Kulongoski holds final news conference

SALEM — Gov. Ted Kulongoski bounded through the door and went straight to a podium in his ceremonial office at the state Capitol.

"Thank you for joining me," he said Friday to television cameras and a row of reporters, beginning a ritual he's performed dozens, maybe hundreds of times before. But this one was different. It was Kulongoski's final press conference after eight years as governor and four decades as a public official in Oregon.

It also was most likely Kulongoski's last public statements as governor. He will not give a speech when John Kitzhaber is sworn in to replace him at noon on Monday.

"Monday, in my opinion, is about the next governor and the next four years of leadership," Kulongoski said. "If I haven't said all I want to say by Monday morning, then shame on me."

In a wide-ranging, 40-minute talk, the governor said he's enjoyed his career in government because he's been able to help make people's lives better. He said he'll take a month or two off after leaving office before diving into another job that serves the public good. He wasn't sure yet what that job will be.

"This isn't a goodbye," he said. "It's just for me to say to you we will see each other again."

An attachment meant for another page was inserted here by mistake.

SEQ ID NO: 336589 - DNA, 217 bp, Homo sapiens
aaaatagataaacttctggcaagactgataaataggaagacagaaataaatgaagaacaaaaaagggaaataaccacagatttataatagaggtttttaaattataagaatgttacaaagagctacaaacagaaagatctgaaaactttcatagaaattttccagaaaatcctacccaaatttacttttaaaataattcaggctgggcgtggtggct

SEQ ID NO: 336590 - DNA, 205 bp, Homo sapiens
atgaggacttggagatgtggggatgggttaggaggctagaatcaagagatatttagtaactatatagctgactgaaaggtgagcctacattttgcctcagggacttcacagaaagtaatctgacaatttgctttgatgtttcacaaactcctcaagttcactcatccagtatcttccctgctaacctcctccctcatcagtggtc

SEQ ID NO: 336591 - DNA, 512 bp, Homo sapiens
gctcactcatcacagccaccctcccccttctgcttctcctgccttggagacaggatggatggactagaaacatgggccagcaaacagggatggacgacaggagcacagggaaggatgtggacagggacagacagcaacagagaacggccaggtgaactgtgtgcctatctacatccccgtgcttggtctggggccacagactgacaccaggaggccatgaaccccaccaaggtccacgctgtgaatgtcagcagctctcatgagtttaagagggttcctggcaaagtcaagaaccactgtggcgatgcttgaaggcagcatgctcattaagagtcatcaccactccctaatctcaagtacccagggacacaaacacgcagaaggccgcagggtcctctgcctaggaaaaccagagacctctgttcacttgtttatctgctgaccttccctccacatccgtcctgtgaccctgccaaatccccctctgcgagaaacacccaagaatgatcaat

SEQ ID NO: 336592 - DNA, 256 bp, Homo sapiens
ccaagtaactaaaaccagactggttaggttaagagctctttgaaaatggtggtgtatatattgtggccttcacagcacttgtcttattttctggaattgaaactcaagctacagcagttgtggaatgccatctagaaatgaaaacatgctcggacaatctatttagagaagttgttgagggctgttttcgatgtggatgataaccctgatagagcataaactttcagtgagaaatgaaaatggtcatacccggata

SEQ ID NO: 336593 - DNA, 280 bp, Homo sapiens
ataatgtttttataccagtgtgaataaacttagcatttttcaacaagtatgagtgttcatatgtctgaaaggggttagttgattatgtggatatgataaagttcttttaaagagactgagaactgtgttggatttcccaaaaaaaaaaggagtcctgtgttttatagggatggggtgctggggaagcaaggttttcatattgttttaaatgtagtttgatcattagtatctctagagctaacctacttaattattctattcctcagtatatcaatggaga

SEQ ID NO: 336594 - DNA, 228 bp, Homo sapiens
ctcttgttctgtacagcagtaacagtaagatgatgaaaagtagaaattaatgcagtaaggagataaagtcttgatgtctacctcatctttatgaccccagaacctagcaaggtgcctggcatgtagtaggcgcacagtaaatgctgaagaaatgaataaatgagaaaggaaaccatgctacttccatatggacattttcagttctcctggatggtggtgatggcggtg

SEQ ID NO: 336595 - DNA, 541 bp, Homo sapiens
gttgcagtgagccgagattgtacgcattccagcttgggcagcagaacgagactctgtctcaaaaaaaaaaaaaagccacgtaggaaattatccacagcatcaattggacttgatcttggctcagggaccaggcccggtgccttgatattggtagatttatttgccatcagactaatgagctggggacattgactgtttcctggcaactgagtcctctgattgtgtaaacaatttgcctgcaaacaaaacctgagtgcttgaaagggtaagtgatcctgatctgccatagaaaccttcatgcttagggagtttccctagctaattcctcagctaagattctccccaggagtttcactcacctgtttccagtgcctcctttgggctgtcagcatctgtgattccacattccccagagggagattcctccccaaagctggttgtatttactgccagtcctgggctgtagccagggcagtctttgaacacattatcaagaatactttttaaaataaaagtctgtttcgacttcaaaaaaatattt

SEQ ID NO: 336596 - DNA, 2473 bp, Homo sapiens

He decried the state's system of electing judges as well as the growing influence of campaign money in judicial races, saying impartial judges and public trust in the judiciary are bedrock principles that allow for a stable democracy.

Big-money judicial campaigns invite questions about whether judges are truly impartial or beholden to their donors. He advocated a change to a system where judges are shielded from regularly campaigning for their jobs.

Among the issues still on his plate, Kulongoski is scheduled to meet Saturday with a man who has requested a pardon. He declined to identify him but said he's already fulfilled his sentence for the crime.

Clemency decisions were among the most difficult Kulongoski had to make during his tenure, he said. He made sure to meet with people who were being seriously considered for a pardon or reduced sentence, giving them an opportunity to explain directly to him why they believed they were deserving.

Kulonogski said he could've done a better job communicating with the public on what he was doing, and he'd love to leave office with a booming economy and a budget surplus. But he said he's proud of the state's new investments in transportation.

Despite its challenges, Kulongoski said, Oregon has advanced during the last eight years.

"You want to believe you made Oregon a better place for the people, and I beleive we did," he said.

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